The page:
James Blake and his band walked briskly out onto stage. Taking his place behind his keyboard and laptop, he led his trio in a chaotic, explosive rendition of one of his first singles, 2009’s “Air and Lack Thereof.” Swirling blue and green lights swallowed up the band. The skuzzed out bass swallowed up the crowd. Next, he’d slow things down with one of the quiet, insightful singles from his self-titled debut album, “I Never Learnt to Share.” He sported a black jacket with a black t-shirt and stood at his keyboard. Immediately following that, the band jumped back into the beat-driven world with “CMYK,” the booming house single that first helped the British musician catch buzz in the United States only a few years ago. Three bat signal-like lights watched from behind the stage, shifting and changing with each pulse. And after that? Well, he busted out “Limit To Your Love,” another reflective, soft single from his debut record.
In other words, James Blake’s show is unpredictable.
Last night’s sold-out, all-ages show at Terminal 5 featured a musician who knows exactly what he’s doing, but a crowd that didn’t really know how to respond. The average music fan might only be familiar with Blake’s self-titled debut record, and his most recent Overgrown. Both albums aren’t necessarily what you’d put on at a dance party, but are rather made for those moments when you find yourself awake in the middle of the night, sitting on your couch, unable to sleep, staring at a lit candle or playing video games. However, Blake’s earlier work–and what got him to the point of being able to produce some of that introspective music–couldn’t be more opposite. His first EPs are all built upon haunting, Burial-like beats, the type of stuff that might remind you of that scene in The Matrix where Neo meets Trinity for the first time. Lots of thumping, but in a lifeless, robotic sort of way.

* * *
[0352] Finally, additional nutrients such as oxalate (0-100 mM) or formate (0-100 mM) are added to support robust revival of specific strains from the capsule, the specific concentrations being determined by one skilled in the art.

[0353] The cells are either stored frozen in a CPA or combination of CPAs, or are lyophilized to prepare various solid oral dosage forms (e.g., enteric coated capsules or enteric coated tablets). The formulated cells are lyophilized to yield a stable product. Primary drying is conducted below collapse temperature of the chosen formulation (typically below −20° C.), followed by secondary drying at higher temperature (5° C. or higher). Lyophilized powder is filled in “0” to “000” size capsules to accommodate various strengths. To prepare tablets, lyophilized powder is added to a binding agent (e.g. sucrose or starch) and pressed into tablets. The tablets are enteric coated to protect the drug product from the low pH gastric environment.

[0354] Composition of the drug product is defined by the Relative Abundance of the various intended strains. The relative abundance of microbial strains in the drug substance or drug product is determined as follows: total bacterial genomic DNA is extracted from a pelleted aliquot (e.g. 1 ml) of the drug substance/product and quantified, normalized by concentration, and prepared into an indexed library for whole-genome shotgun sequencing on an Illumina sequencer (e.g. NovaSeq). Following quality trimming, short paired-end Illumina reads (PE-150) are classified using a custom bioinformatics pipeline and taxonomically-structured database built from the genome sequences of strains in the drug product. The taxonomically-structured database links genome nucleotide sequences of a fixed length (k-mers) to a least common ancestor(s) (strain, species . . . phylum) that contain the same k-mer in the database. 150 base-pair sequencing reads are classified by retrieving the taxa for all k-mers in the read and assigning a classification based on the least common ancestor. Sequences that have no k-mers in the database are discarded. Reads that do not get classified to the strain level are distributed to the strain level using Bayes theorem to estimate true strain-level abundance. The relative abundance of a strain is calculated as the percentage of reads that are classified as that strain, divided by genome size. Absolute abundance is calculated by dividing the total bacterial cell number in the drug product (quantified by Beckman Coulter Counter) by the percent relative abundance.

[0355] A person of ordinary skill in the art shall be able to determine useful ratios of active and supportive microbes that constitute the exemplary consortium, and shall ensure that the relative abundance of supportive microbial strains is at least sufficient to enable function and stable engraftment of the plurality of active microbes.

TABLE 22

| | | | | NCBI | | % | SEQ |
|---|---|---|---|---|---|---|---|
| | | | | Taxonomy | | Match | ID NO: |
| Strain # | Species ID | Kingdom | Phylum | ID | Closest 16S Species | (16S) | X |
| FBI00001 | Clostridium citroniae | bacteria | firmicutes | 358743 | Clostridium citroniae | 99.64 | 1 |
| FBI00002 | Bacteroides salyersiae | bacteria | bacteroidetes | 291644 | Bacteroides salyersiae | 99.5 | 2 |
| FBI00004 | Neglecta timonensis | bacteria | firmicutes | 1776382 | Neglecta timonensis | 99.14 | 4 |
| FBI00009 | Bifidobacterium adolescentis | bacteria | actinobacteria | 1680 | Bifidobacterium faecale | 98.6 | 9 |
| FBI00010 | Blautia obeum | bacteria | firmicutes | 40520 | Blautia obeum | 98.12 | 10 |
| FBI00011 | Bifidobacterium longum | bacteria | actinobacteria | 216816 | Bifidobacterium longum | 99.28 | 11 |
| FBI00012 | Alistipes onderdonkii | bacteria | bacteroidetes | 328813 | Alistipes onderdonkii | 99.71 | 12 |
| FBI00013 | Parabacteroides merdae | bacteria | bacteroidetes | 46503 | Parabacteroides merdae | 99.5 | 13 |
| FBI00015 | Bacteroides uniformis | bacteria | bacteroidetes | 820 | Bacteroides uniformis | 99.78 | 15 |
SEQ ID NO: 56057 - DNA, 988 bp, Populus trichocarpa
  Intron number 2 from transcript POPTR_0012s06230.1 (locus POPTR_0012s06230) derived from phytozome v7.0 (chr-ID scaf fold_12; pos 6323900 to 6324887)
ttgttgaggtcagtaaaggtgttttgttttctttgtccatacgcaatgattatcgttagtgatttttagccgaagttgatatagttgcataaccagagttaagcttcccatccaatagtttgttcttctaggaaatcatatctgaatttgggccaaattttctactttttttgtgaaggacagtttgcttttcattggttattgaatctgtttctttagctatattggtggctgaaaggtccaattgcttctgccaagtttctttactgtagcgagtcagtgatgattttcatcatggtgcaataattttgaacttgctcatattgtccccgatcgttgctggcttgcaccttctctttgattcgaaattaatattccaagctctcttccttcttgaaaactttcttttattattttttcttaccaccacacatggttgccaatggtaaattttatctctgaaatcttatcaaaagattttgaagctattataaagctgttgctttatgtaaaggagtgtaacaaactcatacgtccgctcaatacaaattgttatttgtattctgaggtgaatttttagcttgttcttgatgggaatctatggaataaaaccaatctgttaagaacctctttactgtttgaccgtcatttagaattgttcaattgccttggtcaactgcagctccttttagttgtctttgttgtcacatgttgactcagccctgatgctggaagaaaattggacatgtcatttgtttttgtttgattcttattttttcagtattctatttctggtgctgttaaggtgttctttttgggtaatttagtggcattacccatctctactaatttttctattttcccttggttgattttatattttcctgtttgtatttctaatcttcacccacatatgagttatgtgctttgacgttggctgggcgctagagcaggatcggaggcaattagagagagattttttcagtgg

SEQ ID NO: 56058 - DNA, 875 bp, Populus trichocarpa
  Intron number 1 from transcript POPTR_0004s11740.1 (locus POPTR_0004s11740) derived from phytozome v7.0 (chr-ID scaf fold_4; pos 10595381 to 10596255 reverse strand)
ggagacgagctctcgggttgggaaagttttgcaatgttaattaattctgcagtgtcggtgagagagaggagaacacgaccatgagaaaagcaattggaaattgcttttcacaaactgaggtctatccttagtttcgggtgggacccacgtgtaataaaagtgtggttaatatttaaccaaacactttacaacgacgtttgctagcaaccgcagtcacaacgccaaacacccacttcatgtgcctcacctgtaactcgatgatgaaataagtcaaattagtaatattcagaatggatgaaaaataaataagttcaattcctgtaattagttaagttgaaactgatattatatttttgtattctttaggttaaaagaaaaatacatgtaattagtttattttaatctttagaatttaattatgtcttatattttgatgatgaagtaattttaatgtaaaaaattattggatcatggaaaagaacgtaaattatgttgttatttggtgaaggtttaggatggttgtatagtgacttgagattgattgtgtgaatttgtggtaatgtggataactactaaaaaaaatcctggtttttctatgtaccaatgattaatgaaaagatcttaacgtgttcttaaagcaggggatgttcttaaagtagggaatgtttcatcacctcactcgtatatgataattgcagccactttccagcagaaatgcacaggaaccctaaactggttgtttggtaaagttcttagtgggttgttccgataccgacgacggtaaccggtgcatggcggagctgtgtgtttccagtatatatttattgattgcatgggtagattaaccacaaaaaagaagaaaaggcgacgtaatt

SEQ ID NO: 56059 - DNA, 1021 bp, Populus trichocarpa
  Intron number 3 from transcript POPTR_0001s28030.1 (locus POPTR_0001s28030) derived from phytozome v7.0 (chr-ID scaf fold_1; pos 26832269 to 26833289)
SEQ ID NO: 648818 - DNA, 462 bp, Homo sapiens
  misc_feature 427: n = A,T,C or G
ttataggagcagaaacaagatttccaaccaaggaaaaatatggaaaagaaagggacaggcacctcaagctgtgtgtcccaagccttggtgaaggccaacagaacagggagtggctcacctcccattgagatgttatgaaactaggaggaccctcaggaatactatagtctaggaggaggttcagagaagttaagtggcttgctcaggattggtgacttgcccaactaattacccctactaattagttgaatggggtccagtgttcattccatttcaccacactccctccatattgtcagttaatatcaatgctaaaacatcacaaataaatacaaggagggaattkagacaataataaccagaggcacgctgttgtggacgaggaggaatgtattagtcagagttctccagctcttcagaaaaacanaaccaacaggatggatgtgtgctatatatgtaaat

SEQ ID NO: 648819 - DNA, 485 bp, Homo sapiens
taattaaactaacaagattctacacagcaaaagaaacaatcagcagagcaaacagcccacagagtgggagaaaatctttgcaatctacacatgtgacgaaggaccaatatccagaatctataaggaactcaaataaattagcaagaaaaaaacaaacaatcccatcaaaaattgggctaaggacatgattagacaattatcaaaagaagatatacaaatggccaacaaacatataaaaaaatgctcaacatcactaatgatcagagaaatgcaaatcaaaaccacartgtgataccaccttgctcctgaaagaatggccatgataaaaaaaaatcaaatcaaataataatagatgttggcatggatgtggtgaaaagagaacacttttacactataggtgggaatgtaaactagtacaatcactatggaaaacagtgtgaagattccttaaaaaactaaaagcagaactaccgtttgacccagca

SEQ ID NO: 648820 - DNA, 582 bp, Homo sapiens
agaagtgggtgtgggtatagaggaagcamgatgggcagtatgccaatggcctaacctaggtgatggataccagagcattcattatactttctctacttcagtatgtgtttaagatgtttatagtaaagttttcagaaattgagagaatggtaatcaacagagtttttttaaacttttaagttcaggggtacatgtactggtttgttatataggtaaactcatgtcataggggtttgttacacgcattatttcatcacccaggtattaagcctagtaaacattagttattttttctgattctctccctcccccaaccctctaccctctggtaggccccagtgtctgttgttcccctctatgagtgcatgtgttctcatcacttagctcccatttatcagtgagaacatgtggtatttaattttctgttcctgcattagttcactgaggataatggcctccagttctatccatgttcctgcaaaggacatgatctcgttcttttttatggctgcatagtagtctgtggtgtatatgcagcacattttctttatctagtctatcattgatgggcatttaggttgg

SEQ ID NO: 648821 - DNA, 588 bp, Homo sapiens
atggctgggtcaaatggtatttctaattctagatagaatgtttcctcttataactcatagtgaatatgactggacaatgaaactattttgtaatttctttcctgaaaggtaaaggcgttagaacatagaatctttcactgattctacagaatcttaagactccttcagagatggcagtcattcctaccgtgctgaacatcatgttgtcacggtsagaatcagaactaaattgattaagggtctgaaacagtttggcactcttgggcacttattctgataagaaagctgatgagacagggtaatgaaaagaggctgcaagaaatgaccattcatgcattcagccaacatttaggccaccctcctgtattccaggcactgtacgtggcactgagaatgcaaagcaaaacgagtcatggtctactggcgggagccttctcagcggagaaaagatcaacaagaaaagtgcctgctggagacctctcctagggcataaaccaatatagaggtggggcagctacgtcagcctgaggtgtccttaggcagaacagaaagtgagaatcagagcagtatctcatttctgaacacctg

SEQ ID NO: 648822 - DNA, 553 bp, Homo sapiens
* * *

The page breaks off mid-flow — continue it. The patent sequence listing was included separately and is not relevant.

It speaks to Blake’s incredible talent as a musician to be able to transition back and forth between these drastic poles, and walk the line in-between. Some of last night’s best moments came during such moments, like on “Retrograde” and “Overgrown,” two singles from his latest album that both operate in this world. “Suddenly I’m hit,” he sang in his soaring falsetto, above a crescendoing, buzzing whirr. “Is this darkness of the dawn? And your friends are gone.” Another great moment came at the end, when Blake covered Joni Mitchell’s classic love song “A Case of You” to close out the night. Draped in a blue light, his fingers fluttered on the keyboard. “You’re my holy wine, you taste so bitter and so sweet,” he crooned. “I could drink a case of you, darling, and I’d still be on my feet.”
Despite Blake’s quality musicianship, some moments of the show did feel, well, boring. Maybe it was the emptiness that the hanger-like space of Terminal 5–even when it’s sold out–makes you feel. Maybe it was the crowd’s inability to determine whether or not they enjoyed the show. Maybe it was the fact that I didn’t have a date to put my arm around during “A Case of You.” The drastic differences were all just a little bit confusing at times, like there was a lack of focus, or that if you expected a certain type of James Blake, you may have gotten another, and vice versa.
Critical Bias: James Blake’s debut record really hit me hard, and soundtracked a good portion of my life when I was “going through some stuff.”
Random Notebook Dump: Blake wished everyone “safe travels” after he finished. He’s so British.
Overheard: “I just saw Four Tet.”
Air & Lack Thereof
I Never Learnt To Share
To The Last
I am Sold
Limit To Your Love
Our Love Comes Back
The Wilhelm Scream
A Case of You (Joni Mitchell Cover)